Whatever agreements and concessions end up being made by either side, signaling the willingness to give up (an unlikely immediately helpful) NATO accession is a strong sign by Zelensky that he's ready to talk business in actual negotiations.
Giving up the major pretext for the "special military operation" is also a pretty clever opening towards Russian public opinion, which is going to make it harder for Putin to claim Russia victimhood.
This early in the war also bears thinking about as well. Right now, Ukraine has an unexpectedly strong hand, so would be negotiating from a, relative, position of strength. Military analysts are - which would have been unthinkable a month ago - speculating that maybe, just maybe, the Russian invasion will grind to a halt.
But that's very much a maybe: it could also swing the other way. However, in case of slipping fortunes, Putin's and Zelensky's positions are not symmetrical in negotiations: as a dictator, Putin can, at least in the short term, ride out military reverses much more easily than a democratically elected President facing massive civilian deaths at home.
The book length version:
NATO accession has been widely seen as problematic and too adversarial towards Russia. It may have been a partial cause to the current invasion - I say may despite Russia's public statements because, with Putin, there is no telling when he's telling the truth or not.
A democratic, unitary and economically successful Ukraine may be too much for Putin to stomach next door, mostly as an indictment of his domestic failures. The fact that the 2014 crisis was about Ukrainian EU - not NATO - membership shows the limit of NATO membership being the only cause.
Here's what an invited guest writer, John Mearcheimer, for the Economist - hardly a pro-Putin mouthpiece - had to say. It's way too pat in blaming it all on NATO in my opinion, but there are some good hard truths in it nevertheless (note that the Economist distanced itself somewhat by making the guest editorial aspect quite prominent):
The trouble over Ukraine actually started at NATO’s Bucharest summit in April 2008, when George W. Bush’s administration pushed the alliance to announce that Ukraine and Georgia “will become members”. Russian leaders responded immediately with outrage, characterizing this decision as an existential threat to Russia and vowing to thwart it. According to a respected Russian journalist, Mr Putin “flew into a rage” and warned that “if Ukraine joins NATO, it will do so without Crimea and the eastern regions. It will simply fall apart.” America ignored Moscow’s red line, however, and pushed forward to make Ukraine a Western bulwark on Russia’s border. That strategy included two other elements: bringing Ukraine closer to the EU and making it a pro-American democracy.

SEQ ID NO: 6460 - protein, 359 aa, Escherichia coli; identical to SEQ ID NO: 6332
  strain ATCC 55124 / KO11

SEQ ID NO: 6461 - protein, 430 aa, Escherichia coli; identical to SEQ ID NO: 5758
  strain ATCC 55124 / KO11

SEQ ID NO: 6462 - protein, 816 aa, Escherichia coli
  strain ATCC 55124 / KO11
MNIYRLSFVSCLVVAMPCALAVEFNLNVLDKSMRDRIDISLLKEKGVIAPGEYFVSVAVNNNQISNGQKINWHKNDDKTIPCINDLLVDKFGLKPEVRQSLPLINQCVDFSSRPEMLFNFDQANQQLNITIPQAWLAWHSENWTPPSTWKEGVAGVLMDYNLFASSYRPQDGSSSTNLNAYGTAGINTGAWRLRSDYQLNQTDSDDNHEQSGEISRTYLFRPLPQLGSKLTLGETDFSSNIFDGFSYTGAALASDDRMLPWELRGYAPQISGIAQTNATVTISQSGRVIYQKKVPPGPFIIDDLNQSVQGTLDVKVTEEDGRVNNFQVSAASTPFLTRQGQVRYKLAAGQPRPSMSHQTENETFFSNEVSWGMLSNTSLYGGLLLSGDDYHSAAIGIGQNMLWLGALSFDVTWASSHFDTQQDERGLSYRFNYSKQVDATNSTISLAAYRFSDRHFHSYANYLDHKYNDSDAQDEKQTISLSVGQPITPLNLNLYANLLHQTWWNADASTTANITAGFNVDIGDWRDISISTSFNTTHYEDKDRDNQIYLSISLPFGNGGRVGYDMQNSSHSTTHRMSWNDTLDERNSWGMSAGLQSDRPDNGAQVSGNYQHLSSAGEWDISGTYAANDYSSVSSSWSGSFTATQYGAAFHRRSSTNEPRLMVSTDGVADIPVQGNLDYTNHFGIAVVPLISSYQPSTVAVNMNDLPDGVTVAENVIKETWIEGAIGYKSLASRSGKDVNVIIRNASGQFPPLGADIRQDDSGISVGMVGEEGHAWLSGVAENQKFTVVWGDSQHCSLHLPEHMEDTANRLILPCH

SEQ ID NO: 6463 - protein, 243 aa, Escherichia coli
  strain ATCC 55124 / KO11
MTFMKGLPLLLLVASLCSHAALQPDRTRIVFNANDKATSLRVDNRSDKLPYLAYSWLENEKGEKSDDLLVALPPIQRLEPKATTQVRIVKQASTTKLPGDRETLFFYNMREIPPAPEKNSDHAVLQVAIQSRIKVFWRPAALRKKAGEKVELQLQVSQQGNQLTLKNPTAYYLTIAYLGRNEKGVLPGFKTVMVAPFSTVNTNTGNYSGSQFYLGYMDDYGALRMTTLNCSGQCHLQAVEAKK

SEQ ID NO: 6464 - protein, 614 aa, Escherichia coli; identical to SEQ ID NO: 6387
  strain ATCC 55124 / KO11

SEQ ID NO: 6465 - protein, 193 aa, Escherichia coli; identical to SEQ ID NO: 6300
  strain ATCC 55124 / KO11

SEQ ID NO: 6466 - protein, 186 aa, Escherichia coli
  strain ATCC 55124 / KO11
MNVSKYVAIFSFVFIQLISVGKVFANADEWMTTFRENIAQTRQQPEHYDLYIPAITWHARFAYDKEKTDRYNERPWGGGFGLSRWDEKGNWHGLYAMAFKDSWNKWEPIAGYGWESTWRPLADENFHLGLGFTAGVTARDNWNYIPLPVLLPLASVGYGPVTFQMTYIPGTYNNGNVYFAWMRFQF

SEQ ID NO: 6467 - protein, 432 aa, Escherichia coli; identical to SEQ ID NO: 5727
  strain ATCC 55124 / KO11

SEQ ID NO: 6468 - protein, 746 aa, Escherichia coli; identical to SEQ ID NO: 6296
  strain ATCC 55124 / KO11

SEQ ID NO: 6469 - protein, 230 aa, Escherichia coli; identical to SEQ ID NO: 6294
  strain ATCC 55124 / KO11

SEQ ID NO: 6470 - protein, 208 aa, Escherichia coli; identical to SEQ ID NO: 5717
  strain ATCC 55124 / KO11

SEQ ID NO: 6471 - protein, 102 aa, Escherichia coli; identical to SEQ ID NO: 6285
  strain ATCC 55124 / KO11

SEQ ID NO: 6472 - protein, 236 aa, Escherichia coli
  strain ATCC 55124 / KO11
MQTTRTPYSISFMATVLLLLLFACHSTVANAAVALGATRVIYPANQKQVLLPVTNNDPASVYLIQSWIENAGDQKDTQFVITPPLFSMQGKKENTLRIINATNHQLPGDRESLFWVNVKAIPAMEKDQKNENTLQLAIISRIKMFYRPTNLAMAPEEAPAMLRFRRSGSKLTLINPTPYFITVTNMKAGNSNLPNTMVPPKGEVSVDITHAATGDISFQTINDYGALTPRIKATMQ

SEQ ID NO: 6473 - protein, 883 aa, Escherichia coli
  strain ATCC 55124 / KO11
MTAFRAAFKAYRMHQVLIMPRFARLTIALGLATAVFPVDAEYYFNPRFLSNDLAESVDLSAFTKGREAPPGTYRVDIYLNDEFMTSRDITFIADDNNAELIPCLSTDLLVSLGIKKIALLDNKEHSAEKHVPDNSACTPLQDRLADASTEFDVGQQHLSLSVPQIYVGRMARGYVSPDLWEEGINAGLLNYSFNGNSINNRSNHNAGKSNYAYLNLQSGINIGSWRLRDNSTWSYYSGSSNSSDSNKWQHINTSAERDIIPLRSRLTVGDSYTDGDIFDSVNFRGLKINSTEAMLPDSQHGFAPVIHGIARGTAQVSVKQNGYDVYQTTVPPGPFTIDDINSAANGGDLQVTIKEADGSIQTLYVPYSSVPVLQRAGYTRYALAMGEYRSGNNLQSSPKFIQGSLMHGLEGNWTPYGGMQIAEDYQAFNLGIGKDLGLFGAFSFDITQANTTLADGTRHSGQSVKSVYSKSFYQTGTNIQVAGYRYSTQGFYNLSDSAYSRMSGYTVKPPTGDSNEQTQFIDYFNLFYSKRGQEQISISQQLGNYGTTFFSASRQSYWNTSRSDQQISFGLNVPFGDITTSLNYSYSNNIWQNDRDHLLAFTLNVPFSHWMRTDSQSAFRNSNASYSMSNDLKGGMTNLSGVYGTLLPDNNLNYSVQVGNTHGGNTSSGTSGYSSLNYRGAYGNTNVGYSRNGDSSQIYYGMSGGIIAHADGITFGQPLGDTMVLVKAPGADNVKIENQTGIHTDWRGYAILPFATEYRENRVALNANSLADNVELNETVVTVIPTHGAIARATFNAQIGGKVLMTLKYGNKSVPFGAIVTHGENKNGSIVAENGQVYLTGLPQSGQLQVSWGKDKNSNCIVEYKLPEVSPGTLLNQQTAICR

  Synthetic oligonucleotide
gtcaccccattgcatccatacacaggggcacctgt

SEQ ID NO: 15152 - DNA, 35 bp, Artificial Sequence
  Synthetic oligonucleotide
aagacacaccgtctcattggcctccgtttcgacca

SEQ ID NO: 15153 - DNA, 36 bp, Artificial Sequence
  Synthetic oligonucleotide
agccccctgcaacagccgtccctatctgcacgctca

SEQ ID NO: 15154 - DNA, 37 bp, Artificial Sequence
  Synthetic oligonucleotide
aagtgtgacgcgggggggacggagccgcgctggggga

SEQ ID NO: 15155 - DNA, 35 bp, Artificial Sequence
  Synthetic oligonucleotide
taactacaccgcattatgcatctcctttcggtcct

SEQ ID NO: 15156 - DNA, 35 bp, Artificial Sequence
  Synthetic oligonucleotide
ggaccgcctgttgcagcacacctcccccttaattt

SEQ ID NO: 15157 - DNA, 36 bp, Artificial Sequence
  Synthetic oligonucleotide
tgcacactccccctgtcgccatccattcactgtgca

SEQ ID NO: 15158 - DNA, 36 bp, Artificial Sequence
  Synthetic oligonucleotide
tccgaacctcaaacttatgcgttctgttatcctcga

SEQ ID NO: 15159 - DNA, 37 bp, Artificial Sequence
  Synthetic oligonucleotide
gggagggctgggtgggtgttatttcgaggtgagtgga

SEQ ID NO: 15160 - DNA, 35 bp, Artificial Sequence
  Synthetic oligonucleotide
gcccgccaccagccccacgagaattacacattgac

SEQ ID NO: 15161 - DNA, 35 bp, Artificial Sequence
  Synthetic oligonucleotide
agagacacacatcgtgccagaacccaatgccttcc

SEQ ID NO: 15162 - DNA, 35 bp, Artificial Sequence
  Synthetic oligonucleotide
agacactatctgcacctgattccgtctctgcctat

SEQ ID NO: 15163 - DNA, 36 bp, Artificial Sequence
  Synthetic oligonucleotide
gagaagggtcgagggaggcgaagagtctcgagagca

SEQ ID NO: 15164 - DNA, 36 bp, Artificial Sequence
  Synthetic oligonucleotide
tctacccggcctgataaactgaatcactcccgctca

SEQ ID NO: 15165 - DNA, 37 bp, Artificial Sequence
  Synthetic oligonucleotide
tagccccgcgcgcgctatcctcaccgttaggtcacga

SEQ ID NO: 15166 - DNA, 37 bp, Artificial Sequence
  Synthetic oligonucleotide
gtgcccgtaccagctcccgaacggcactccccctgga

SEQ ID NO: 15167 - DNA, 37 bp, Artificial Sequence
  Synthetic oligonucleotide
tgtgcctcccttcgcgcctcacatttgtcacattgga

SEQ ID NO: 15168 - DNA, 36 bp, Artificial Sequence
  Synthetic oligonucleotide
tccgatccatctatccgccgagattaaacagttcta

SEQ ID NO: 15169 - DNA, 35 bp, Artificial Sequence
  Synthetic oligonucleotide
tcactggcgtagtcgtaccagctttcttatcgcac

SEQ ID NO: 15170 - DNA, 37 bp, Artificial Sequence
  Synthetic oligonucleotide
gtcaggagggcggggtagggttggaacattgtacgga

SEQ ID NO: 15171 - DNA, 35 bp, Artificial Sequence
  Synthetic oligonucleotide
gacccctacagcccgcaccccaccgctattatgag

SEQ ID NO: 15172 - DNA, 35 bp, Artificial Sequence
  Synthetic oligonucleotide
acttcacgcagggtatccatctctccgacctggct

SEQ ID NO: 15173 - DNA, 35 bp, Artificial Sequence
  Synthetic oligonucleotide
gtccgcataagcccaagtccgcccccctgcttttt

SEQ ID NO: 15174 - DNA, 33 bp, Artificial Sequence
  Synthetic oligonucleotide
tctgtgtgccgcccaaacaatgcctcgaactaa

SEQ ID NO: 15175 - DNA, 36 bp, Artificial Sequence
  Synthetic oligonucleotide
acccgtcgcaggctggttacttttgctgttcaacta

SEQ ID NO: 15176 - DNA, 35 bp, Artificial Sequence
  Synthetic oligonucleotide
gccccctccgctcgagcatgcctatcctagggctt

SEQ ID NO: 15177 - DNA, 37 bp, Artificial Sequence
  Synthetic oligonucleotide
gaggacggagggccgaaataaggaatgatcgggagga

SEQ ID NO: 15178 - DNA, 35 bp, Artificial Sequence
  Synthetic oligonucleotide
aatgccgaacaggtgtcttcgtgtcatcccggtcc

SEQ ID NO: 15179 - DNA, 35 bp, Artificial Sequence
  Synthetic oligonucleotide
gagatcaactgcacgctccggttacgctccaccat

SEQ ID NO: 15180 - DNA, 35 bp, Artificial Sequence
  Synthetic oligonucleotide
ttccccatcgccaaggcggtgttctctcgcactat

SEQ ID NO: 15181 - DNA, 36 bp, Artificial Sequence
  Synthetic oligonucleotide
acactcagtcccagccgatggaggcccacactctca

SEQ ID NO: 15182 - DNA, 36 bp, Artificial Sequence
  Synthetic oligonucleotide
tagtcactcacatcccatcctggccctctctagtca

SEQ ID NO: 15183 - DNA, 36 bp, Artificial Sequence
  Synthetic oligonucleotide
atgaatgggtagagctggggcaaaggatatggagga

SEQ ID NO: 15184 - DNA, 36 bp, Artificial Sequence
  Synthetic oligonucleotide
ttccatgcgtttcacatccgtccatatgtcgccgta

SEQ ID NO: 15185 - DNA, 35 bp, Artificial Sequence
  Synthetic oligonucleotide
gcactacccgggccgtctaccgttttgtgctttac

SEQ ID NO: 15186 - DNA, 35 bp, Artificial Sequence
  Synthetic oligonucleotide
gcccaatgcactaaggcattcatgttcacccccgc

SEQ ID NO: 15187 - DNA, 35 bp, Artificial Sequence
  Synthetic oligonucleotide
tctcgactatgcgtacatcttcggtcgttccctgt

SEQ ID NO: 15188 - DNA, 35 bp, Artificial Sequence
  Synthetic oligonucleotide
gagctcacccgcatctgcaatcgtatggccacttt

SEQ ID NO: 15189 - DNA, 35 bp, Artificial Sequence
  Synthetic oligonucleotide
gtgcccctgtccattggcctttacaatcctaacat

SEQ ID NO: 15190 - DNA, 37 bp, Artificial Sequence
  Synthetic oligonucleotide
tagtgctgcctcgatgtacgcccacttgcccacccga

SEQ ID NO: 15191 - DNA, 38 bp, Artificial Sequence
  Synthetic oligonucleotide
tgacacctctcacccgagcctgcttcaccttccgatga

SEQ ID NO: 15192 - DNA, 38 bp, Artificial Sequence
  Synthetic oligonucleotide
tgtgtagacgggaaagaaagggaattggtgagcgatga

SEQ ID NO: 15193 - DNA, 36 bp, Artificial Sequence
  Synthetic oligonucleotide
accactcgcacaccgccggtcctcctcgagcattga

These efforts eventually sparked hostilities in February 2014, after an uprising (which was supported by America) caused Ukraine’s pro-Russian president, Viktor Yanukovych, to flee the country. In response, Russia took Crimea from Ukraine and helped fuel a civil war that broke out in the Donbas region of eastern Ukraine.
The next major confrontation came in December 2021 and led directly to the current war. The main cause was that Ukraine was becoming a de facto member of NATO. The process started in December 2017, when the Trump administration decided to sell Kyiv “defensive weapons”. What counts as “defensive” is hardly clear-cut, however, and these weapons certainly looked offensive to Moscow and its allies in the Donbas region. Other NATO countries got in on the act, shipping weapons to Ukraine, training its armed forces and allowing it to participate in joint air and naval exercises. In July 2021, Ukraine and America co-hosted a major naval exercise in the Black Sea region involving navies from 32 countries. Operation Sea Breeze almost provoked Russia to fire at a British naval destroyer that deliberately entered what Russia considers its territorial waters.
To be clear, while I am including the third paragraph above, the West has been reacting to Russian aggression since 2014, not causing it (unlike what this claims).
Ultimately, Ukraine is getting aggressed, this is Putin's war, and the blood from the methods being used to wage it are on Putin's hands. But few disputes are entirely one sided and it is hard to see how the US's constant whining about Cuba during, and even after, the Cold War can be reconciled with its expectations that Russia should just roll over with regards to large NATO border neighbors.
Point is, there may be a middle ground where Ukraine is free to carry out its foreign policy as it sees fit, but is not member of what's for all intent and purposes, and especially right now, an anti-Russia alliance.
The, remote, possibility of NATO accession has not solved the present problem so it might be good to change course. NATO has in any case been very supportive of Ukraine, within the constraints of nuclear escalation risks, so Ukraine hasn't been left out.
p.s. if it's the same Mearsheimer that authored a book about Israel-American relations that I read, be aware he's controversial (to say the least) at times.